See How a Lackluster Parlor Became a Stunning Living Room with Smart Home Staging

published May 17, 2021
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Credit: Courtesy of Sweet Life by Design

When you’re lucky enough to own a historic home, you want its one-of-a-kind charm to shine, especially if you’re putting it on the market. Highlighting original features like fireplaces, built-ins, and crown molding is key in conveying the unique personality of such a place.

Leah Gomberg, with Sweet Life by Design in Maplewood, New Jersey, understood this when she was tapped to stage a six-bedroom, four-bathroom home in Summit, New Jersey, that was built in 1905. The homeowners, who had raised their family in the home and were ready to downsize, had already painted the interiors in neutral colors to prep for the sale. But Gomberg recognized there was far more work to be done to make it appealing to today’s buyers.

“The layout of this house isn’t the ideal open plan that young families are looking for,” she says. “So, the staging challenge of helping a prospective buyer fall in love with this house was real!”

Overall, she wanted to make the rooms flow cohesively from one to another, to make the house seem less compartmentalized, and to define each space’s purpose so potential buyers could better see “what a lovely, easy-to-live-in house this could be for them,” she notes. She knew that the furniture couldn’t be too large, ornate, or modern, she says. “Each room needed to be memorable, warm, and inviting.”

One room that posed a challenge was originally designed as a parlor but, today, would be used as a formal living room. The space had a lot going for it, including a fireplace with a detailed mantel, built-in bookshelves and benches, crown molding, and baseboard molding. Thanks to four windows with shutters and two awning windows, the room is flooded with natural light.

But it’s a small space, measuring just 13 by 13 feet, and the built-ins take up a considerable amount of room. “If that sounds like a tricky space, it’s because it truly is. Figuring out how to set this room up can be a challenge for a stager and for a homeowner,” Gomberg says, noting that the homeowners had various chairs in the room in different styles. “It kind of looked like a place where unwanted furniture went to die. As you can imagine, this wasn’t inviting.”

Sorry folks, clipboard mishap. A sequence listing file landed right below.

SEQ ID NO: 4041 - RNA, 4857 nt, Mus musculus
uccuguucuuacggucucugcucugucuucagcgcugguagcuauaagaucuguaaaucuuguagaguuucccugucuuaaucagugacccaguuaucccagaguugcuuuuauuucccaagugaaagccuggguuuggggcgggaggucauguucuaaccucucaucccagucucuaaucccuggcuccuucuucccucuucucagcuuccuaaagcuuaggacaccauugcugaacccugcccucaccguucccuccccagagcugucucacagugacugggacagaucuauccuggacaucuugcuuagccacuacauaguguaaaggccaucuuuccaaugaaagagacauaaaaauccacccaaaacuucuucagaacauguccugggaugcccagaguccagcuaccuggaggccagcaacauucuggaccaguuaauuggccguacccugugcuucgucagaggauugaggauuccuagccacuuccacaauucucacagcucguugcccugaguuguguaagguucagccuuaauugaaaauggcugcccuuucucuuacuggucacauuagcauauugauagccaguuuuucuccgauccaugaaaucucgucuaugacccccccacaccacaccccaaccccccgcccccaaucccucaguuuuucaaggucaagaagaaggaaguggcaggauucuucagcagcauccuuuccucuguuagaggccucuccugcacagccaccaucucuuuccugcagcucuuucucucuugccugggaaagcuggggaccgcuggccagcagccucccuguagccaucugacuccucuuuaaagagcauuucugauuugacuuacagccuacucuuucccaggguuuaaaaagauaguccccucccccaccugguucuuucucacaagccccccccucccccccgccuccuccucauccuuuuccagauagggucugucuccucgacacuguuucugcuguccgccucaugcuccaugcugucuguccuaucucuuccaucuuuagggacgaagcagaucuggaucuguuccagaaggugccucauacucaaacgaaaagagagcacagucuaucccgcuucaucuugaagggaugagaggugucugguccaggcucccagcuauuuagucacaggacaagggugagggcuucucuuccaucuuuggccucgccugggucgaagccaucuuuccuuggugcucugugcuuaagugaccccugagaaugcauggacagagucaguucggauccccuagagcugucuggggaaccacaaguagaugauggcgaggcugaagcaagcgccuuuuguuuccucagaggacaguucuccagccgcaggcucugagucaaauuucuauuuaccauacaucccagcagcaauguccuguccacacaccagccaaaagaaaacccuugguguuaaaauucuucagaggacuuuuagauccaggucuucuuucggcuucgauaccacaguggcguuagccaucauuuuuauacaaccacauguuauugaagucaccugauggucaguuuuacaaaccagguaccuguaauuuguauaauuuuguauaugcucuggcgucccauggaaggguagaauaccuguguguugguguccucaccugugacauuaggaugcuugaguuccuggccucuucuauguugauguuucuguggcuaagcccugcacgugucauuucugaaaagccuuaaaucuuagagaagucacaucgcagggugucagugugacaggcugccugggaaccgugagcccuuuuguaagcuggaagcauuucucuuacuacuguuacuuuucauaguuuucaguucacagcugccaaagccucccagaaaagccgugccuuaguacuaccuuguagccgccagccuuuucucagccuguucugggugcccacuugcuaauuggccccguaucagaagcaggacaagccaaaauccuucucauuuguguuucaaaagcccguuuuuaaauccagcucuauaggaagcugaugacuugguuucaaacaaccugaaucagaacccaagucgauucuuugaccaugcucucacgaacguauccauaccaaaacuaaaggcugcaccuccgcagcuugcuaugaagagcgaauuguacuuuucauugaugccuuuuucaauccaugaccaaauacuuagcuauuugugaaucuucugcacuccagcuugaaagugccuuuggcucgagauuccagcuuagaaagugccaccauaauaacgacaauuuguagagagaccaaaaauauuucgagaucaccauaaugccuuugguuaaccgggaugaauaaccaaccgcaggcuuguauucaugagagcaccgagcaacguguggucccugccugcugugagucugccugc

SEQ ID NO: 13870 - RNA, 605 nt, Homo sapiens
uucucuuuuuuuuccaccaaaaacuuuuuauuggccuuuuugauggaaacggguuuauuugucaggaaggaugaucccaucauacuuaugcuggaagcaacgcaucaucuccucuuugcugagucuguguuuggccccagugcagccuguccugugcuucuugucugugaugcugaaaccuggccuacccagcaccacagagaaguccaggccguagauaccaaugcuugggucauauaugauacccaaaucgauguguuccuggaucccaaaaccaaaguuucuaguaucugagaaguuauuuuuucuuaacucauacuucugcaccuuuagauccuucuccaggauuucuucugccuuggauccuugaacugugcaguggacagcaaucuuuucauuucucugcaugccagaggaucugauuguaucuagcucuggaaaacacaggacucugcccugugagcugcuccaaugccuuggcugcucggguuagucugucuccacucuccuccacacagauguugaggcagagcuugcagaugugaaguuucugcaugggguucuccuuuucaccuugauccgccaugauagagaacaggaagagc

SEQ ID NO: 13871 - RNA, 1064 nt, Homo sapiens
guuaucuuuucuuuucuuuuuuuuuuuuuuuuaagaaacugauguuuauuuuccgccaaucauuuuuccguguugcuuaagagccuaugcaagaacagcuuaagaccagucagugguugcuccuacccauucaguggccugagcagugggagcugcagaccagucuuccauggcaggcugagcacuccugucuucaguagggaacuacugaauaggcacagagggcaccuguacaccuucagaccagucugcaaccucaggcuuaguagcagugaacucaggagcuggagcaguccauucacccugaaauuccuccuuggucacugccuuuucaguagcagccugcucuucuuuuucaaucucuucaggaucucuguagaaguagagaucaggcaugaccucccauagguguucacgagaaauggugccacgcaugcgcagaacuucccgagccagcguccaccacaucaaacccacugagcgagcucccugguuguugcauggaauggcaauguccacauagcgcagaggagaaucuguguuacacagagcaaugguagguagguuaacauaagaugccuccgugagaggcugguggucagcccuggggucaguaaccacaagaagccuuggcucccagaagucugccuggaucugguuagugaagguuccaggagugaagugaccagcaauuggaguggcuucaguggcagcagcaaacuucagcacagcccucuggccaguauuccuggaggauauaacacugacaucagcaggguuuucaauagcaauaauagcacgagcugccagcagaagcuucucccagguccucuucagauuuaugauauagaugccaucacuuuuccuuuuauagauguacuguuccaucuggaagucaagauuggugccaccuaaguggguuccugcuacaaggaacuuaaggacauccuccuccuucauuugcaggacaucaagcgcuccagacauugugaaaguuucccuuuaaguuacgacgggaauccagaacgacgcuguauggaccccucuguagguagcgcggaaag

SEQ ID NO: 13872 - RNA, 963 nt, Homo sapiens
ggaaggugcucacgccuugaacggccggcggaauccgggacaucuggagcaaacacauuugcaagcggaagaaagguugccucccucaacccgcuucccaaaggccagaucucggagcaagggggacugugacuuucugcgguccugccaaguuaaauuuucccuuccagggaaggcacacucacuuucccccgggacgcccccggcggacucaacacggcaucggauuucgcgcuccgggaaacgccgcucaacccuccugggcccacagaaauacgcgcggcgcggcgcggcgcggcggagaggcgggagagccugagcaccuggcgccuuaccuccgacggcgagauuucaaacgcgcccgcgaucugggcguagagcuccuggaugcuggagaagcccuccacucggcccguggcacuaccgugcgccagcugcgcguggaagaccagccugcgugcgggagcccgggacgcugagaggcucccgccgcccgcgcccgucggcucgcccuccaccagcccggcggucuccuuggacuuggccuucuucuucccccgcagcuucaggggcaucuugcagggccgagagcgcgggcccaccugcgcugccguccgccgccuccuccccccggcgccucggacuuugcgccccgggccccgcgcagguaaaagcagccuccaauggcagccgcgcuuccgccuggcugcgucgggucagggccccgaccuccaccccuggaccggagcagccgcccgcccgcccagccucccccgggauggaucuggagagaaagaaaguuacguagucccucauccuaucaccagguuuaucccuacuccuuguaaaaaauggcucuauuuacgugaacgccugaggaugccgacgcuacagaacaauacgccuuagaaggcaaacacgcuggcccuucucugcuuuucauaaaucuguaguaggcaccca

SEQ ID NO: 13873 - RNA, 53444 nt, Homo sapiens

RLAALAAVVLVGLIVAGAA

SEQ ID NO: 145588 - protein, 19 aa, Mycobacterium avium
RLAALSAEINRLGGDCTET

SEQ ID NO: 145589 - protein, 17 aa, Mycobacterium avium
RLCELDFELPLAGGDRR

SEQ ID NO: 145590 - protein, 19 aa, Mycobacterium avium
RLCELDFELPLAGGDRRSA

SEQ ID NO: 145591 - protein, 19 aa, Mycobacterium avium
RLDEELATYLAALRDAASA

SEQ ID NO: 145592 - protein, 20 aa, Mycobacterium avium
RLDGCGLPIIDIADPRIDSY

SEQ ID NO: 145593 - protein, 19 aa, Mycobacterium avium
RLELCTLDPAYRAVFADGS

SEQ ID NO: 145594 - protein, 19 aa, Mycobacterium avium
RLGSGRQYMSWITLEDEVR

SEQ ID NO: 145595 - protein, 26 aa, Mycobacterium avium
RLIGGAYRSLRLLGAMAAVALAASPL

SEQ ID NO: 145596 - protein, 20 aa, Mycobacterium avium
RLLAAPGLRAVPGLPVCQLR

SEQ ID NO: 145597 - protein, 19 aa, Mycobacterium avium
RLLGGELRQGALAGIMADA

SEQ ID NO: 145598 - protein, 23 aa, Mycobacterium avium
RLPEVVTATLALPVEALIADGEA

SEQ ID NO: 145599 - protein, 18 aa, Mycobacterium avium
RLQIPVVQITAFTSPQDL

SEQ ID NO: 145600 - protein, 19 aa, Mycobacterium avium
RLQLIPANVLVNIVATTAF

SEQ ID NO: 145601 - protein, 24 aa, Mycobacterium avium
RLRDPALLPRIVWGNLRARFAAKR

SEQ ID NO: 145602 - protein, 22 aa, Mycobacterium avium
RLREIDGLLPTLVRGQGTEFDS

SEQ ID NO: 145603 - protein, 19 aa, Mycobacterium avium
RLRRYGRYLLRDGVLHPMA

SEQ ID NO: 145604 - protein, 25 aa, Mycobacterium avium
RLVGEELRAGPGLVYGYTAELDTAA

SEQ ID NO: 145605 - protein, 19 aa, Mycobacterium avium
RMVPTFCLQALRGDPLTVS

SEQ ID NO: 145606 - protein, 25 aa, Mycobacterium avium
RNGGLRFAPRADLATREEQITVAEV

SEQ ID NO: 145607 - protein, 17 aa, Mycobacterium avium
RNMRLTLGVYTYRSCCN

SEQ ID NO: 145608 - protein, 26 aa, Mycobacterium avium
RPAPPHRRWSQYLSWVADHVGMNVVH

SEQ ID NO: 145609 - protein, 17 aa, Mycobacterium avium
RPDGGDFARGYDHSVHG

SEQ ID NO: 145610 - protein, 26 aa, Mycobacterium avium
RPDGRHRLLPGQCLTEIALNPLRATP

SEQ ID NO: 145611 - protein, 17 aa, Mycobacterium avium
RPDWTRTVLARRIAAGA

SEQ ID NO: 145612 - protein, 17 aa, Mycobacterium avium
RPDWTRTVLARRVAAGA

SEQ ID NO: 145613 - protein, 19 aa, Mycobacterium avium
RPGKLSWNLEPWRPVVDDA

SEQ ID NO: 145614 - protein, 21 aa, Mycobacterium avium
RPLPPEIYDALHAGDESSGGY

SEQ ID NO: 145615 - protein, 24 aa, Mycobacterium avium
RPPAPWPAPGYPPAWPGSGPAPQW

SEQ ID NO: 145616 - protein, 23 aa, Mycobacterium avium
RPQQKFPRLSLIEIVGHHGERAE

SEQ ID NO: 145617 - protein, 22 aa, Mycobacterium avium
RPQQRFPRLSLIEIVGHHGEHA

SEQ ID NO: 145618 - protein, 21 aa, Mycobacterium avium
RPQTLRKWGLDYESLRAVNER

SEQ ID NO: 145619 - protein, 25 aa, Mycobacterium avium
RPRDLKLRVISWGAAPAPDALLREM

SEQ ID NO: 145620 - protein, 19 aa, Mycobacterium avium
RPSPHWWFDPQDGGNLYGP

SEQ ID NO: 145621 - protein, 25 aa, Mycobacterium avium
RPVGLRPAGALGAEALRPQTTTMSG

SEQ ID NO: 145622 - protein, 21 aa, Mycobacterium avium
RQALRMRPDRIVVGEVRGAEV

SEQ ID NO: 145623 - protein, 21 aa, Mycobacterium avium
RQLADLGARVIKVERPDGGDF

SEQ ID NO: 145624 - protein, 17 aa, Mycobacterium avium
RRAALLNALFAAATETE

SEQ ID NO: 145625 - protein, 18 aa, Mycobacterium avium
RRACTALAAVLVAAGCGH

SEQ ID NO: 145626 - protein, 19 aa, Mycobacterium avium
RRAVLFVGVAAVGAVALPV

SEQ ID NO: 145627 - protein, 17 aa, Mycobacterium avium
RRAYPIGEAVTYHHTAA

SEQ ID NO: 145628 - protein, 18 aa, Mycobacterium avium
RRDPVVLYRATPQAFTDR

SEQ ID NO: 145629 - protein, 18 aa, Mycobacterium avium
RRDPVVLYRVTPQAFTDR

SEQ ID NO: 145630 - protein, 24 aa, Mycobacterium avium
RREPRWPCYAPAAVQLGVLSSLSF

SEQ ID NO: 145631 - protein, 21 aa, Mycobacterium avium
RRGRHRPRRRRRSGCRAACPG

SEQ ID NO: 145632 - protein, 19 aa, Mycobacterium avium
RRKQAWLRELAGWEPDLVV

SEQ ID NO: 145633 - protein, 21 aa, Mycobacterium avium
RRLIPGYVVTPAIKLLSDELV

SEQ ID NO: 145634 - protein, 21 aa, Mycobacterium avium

Her priority was to showcase the fireplace and create a seating area that encouraged cozy conversation by the fire while allowing space to walk through to the next room. “The true goal is to make the room look like a selling feature instead of a deficit,” she notes.

Credit: Courtesy of Sweet Life by Design

To start with, she chose a “textural, elegant, and updated” design scheme, she says, that complemented the fireplace surround and its gold accents. After removing everything from the room, she experimented with several area rugs to ground the space and decided on a neutral rug with a subtle pattern.

Because the small room wouldn’t readily accommodate a sofa, Gomberg chose a set of four beige upholstered chairs with dark wood detailing to place around a gold glass coffee table. “Using a glass table keeps the room light and airy — a good tip for small rooms,” she says. “This conversational seating area is perfect for a room like this as it doesn’t feel too tight and still can be used for entertaining or reading a book or enjoying a good scotch!” Adding matching lumbar pillows to the chairs helped the seating area look even more cohesive.

There was no overhead light in the room nor many outlets, so Gomberg added one standing lamp and a lamp on the window seat — along with an open book that sets up a “sweet reading nook vignette,” she explains. A pair of matching pillows, one on each window seat, invites one to kick back and relax, while touches of greenery here and there provide freshness.

“When the homeowner toured the house, she fell in love with the room and wondered out loud why she never thought of setting it up this way,” Gomberg says.

The results speak for themselves: Within two weeks, the home sold for asking price.